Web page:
Vous êtes sur la page 1sur 48



----------------------------------------------------------------------------- X
In the Matter of

14th STREET COALITION, Julianne Bond &

Judy Pesin, Co-Chairs;
Fred Blair, President;
William Borock, President;
FLATIRON ALLIANCE, INC., Michele Golden & Susan
Finley, Co-Directors; CORRECTED
Martin, Co-Chair;
Jeffrey Ryan, President;
Gary Tomei, President;
Steven Starosta & Kimon Rezos, Co-Chairs;
Gronki, President;
Judy Klein And Michael Glassman, Co-Presidents;
16th STREET TENANTS CORP., Sherrie Levy, President;
Gronki, President;
Schweinsburg, President
MANHATTAN, Arthur Z. Schwartz, Treasurer;





For an Order and Judgment Pursuant to Article 78 of the

Civil Practice Law and Rules, the State Environmental Quality
Review Act, and the New York City Environmental Quality
Review Act.

----------------------------------------------------------------------------- X

Petitioners, by their undersigned attorney, Arthur Z. Schwartz, of Advocates for Justice,

as and for a Verified Petition, allege as follows.


1. This is a lawsuit seeking declaratory and injunctive relief, and damages,

addressed to two separate, but inter-related plans ,one adopted by Respondent


TRANSIT AUTHORITY (“NYCTA”), (a) shut down a subway (the Canarsie Tunnel) tunnel

running between Brooklyn and Manhattan, utilized by a subway line known as the “L Train,” in

order to repair the Canarsie Tunnel because of damage caused by Hurricane Sandy in 2012; and

(b) to renovate four subway stations in Manhattan and two in Brooklyn. and a second plan,

designed to purportedly mitigate the impact of the MTA/NYCTA project, adopted by the CITY


Respondent POLLY TROTTENBERG, which will (a) reconfigure 14th Street in Manhattan so

as to widen sidewalks and eliminate passenger car traffic; (b) build protected bike lanes on 12th

and 13th Streets in Manhattan; and (c) reconfigure traffic on the Manhattan Bridge and provide

for hundreds of new bus trips from L Train stops in Brooklyn to 14th Street in Manhattan

utilizing Delancy Street, Kenmare Street, Allen Street, First Avenue and Lafayette Street. The

Petition also addresses noisy, dust producing 24 hour per day construction which has

commenced on East 14th Street between Avenue A and Avenue B,

2. Petitioners bring this suit pursuant to: the N.Y. State Environmental Quality

Review Act (“SEQRA”), and the NY City Environmental Quality Review Act (“CEQRA”), 62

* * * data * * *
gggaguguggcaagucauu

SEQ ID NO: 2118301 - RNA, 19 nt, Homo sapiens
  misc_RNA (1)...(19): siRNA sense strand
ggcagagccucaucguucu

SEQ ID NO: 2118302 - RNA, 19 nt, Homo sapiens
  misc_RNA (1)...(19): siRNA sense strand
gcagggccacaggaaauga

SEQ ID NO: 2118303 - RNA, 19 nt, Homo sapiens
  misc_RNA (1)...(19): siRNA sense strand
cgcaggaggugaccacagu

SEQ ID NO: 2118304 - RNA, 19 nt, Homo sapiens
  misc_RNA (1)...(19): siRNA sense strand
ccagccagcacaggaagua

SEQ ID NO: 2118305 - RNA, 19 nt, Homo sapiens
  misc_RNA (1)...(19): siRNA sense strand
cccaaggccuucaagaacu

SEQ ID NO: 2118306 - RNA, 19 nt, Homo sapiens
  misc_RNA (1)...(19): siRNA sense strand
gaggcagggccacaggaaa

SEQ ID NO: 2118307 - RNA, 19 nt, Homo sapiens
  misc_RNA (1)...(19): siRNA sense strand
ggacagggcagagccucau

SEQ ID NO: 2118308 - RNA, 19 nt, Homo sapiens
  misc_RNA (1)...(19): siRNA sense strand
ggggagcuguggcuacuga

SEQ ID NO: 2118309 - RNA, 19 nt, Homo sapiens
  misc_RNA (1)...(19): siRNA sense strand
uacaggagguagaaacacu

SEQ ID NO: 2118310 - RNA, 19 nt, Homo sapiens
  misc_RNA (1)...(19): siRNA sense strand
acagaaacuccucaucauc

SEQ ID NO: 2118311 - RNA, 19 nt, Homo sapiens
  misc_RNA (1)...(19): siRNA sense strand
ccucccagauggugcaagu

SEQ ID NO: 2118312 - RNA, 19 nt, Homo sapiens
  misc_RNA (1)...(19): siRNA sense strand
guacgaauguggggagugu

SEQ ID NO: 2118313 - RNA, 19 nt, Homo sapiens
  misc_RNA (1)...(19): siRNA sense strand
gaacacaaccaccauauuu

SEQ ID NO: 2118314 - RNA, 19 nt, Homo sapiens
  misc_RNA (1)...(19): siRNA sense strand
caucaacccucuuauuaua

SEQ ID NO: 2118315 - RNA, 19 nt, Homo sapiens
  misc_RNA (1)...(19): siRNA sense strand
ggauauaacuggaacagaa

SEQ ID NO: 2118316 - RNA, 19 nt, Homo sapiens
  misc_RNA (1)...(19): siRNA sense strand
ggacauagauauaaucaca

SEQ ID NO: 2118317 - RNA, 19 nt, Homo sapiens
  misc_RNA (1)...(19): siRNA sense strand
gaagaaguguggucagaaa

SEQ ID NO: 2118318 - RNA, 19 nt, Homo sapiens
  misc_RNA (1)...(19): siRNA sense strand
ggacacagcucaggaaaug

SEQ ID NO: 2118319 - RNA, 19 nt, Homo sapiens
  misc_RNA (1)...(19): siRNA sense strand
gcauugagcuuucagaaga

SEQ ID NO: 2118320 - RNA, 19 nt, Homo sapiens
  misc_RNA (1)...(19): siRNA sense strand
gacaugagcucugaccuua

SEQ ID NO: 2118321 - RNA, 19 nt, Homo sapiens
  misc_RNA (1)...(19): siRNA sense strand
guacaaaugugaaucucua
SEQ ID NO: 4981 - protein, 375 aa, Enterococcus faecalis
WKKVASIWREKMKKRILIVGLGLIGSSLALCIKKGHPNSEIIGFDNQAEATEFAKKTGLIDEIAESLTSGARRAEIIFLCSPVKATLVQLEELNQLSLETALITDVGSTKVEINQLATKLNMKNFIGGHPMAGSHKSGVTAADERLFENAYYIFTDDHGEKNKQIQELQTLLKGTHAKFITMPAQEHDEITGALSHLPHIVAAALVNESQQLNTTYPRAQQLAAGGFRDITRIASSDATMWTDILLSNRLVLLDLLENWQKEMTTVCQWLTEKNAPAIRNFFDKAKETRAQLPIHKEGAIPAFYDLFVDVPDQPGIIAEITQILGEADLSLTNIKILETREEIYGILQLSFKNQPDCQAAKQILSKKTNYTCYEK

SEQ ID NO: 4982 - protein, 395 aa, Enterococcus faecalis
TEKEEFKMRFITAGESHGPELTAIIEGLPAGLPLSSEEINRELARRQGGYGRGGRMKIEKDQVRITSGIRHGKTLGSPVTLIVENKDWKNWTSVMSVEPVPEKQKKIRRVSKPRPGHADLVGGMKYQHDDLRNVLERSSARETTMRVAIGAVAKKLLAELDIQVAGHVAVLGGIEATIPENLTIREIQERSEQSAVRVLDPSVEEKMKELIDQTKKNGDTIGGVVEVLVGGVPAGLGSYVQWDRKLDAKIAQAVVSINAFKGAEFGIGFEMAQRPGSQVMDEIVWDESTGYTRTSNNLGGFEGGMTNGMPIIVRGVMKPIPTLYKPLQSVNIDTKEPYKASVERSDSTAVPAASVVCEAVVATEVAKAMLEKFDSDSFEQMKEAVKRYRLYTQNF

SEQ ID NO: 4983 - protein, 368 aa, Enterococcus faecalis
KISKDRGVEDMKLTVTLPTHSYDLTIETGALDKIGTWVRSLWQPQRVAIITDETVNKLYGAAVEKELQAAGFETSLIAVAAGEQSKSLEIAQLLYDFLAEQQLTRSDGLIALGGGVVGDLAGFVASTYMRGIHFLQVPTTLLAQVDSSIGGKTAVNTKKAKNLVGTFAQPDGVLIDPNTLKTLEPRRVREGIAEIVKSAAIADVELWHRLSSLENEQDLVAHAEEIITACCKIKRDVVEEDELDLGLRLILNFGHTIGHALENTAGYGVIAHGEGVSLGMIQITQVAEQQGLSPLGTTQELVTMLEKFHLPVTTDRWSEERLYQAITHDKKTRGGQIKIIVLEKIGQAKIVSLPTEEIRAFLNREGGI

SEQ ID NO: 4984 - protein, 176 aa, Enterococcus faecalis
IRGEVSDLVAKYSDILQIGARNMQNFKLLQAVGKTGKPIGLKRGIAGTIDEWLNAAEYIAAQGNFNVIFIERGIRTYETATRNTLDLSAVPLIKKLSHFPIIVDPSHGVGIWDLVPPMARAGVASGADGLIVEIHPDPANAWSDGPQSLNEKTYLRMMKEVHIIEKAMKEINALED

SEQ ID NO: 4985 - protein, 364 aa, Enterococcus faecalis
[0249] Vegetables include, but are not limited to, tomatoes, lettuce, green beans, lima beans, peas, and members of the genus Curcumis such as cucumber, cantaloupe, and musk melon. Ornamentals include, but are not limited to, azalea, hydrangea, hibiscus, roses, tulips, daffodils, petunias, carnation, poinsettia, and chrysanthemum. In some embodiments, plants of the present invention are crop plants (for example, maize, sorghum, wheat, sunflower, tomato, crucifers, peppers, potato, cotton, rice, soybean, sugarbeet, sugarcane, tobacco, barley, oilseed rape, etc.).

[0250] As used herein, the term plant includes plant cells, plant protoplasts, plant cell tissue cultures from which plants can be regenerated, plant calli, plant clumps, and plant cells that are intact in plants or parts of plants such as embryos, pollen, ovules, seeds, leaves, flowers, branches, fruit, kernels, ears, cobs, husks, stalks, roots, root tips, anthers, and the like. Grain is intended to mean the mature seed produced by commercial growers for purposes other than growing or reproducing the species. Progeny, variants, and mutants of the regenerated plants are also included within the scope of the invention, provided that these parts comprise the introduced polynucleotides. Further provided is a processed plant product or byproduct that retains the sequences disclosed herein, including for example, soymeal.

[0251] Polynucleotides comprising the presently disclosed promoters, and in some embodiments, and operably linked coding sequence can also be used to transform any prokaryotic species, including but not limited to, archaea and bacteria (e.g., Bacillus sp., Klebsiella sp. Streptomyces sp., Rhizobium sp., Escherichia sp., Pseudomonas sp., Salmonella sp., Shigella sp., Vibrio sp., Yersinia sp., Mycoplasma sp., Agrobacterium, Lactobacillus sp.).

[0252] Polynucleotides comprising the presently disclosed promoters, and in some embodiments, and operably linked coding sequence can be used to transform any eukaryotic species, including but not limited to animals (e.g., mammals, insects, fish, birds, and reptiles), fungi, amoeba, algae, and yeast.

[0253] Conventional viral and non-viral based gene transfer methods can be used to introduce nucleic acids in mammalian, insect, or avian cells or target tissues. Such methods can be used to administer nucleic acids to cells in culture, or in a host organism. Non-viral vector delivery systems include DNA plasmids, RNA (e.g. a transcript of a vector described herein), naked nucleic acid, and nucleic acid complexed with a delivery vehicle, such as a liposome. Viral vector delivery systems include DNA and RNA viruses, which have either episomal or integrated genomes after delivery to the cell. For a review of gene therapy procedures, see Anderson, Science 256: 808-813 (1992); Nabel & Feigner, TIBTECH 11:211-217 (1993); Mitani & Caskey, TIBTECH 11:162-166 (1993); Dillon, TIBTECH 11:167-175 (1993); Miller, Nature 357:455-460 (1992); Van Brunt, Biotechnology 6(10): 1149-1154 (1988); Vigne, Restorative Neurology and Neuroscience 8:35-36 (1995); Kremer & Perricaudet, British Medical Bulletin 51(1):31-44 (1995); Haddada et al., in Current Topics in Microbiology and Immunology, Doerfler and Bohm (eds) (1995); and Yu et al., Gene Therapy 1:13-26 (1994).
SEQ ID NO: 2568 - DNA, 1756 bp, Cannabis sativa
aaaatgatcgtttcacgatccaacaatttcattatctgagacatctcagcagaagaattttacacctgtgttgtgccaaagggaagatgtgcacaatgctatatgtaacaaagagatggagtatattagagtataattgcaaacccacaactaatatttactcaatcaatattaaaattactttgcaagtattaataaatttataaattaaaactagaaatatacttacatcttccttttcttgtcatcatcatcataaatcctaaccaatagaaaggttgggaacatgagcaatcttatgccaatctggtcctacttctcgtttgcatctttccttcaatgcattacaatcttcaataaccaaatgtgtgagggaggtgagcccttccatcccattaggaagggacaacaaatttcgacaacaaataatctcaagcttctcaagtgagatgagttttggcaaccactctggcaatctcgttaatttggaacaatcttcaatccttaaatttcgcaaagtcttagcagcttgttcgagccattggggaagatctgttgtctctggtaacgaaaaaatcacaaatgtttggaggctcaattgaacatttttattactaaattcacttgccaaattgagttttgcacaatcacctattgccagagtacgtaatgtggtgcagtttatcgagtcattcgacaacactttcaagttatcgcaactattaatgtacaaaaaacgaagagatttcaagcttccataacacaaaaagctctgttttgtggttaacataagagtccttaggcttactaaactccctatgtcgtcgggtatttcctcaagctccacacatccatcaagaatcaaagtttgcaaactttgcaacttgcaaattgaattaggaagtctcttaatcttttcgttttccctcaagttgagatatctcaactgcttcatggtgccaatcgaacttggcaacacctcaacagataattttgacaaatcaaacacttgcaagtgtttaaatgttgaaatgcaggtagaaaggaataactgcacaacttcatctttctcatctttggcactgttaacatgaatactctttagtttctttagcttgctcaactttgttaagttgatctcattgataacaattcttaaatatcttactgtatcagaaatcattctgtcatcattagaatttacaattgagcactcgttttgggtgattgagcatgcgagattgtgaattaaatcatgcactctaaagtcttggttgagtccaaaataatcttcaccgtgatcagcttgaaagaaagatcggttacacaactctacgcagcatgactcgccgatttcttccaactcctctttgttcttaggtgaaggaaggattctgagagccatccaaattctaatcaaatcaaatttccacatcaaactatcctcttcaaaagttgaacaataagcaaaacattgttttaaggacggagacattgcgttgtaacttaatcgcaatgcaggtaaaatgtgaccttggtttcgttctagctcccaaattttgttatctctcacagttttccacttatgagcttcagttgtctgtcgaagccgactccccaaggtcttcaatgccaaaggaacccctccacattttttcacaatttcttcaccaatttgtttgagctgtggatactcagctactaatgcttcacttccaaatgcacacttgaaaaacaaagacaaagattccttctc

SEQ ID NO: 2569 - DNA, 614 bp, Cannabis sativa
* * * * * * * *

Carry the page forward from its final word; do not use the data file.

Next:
RCNY Chapter 5, and NY City Executive Order 91, 43 RCNY Chapter 6. Petitioners also assert,

pursuant to Article 78 of the CPLR, that some of the plans, particularly the plan to expand

sidewalks into one lane of traffic on the north and south sides of 14th Street, and the plans to

install barrier-protected bike lanes on 12th and 13th Streets in Manhattan, are arbitrary and

capricious actions by the DOT, and that the 24 hour per day, loud, dusty construction being done

by the MTA/NYCTA on East 14th Street is a nuisance.

3. Neither Plan has been properly vetted under SEQRA or CEQRA.

4. This suit is brought in order to:

a. compel the preparation of an Environmental Impact Statement (“EIS”), for

each plan, required by SEQRA and CEQRA and

b. to stay any work on the Canarsie Tunnel shutdown, except work not

including preparatory work within the tunnel, most especially the building of a truck entrance to

the tunnel at Avenue A and 14th Street in Manhattan, and the construction of a substation on

Avenue B at East 14th Street, and the shutdown’s attendant Mitigation Plan (which Respondents

call the Alternative Service Plan or ASP).

c. To remedy the dust and noise problem being created at East 14th Street

between Avenues A and B.

5. These governmental actions, by both a New York State Authority and the City of

New York, promise to create unprecedented dislocation affecting hundreds of thousands of New

Yorkers, most notably 200-250,000 residents of north-central Brooklyn, including Williamsburg